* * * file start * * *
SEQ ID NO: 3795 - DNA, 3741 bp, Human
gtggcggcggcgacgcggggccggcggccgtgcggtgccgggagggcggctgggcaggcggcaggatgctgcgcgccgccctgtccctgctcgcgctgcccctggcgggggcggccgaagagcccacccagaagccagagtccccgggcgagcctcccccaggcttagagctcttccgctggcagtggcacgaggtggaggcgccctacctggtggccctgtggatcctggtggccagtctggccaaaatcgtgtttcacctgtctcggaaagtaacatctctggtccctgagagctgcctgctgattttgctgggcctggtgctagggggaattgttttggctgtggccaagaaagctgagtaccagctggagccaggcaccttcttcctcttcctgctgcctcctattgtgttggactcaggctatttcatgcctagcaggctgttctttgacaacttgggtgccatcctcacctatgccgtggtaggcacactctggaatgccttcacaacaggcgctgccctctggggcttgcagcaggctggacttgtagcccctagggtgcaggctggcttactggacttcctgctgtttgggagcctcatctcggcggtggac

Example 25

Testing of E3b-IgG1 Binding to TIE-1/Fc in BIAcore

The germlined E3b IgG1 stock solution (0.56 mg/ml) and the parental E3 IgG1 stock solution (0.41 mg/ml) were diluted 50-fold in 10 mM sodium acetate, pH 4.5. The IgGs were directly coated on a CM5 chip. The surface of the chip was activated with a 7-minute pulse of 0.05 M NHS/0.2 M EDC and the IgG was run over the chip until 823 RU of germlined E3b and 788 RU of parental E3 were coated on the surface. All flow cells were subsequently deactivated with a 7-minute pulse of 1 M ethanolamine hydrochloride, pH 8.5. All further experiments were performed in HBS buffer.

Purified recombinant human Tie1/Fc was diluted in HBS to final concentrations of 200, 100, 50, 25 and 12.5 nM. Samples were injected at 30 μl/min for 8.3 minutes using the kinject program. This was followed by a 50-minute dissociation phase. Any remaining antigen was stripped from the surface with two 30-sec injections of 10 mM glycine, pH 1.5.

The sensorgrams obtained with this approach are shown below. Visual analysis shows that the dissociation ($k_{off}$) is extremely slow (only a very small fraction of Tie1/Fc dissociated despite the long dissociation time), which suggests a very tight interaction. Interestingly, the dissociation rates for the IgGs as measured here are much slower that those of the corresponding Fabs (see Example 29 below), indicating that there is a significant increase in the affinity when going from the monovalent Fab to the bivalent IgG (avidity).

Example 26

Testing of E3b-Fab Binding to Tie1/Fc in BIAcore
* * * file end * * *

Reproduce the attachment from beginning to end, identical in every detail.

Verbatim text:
SEQ ID NO: 3795 - DNA, 3741 bp, Human
gtggcggcggcgacgcggggccggcggccgtgcggtgccgggagggcggctgggcaggcggcaggatgctgcgcgccgccctgtccctgctcgcgctgcccctggcgggggcggccgaagagcccacccagaagccagagtccccgggcgagcctcccccaggcttagagctcttccgctggcagtggcacgaggtggaggcgccctacctggtggccctgtggatcctggtggccagtctggccaaaatcgtgtttcacctgtctcggaaagtaacatctctggtccctgagagctgcctgctgattttgctgggcctggtgctagggggaattgttttggctgtggccaagaaagctgagtaccagctggagccaggcaccttcttcctcttcctgctgcctcctattgtgttggactcaggctatttcatgcctagcaggctgttctttgacaacttgggtgccatcctcacctatgccgtggtaggcacactctggaatgccttcacaacaggcgctgccctctggggcttgcagcaggctggacttgtagcccctagggtgcaggctggcttactggacttcctgctgtttgggagcctcatctcggcggtggac

Example 25

Testing of E3b-IgG1 Binding to TIE-1/Fc in BIAcore

The germlined E3b IgG1 stock solution (0.56 mg/ml) and the parental E3 IgG1 stock solution (0.41 mg/ml) were diluted 50-fold in 10 mM sodium acetate, pH 4.5. The IgGs were directly coated on a CM5 chip. The surface of the chip was activated with a 7-minute pulse of 0.05 M NHS/0.2 M EDC and the IgG was run over the chip until 823 RU of germlined E3b and 788 RU of parental E3 were coated on the surface. All flow cells were subsequently deactivated with a 7-minute pulse of 1 M ethanolamine hydrochloride, pH 8.5. All further experiments were performed in HBS buffer.

Purified recombinant human Tie1/Fc was diluted in HBS to final concentrations of 200, 100, 50, 25 and 12.5 nM. Samples were injected at 30 μl/min for 8.3 minutes using the kinject program. This was followed by a 50-minute dissociation phase. Any remaining antigen was stripped from the surface with two 30-sec injections of 10 mM glycine, pH 1.5.

The sensorgrams obtained with this approach are shown below. Visual analysis shows that the dissociation ($k_{off}$) is extremely slow (only a very small fraction of Tie1/Fc dissociated despite the long dissociation time), which suggests a very tight interaction. Interestingly, the dissociation rates for the IgGs as measured here are much slower that those of the corresponding Fabs (see Example 29 below), indicating that there is a significant increase in the affinity when going from the monovalent Fab to the bivalent IgG (avidity).

Example 26

Testing of E3b-Fab Binding to Tie1/Fc in BIAcore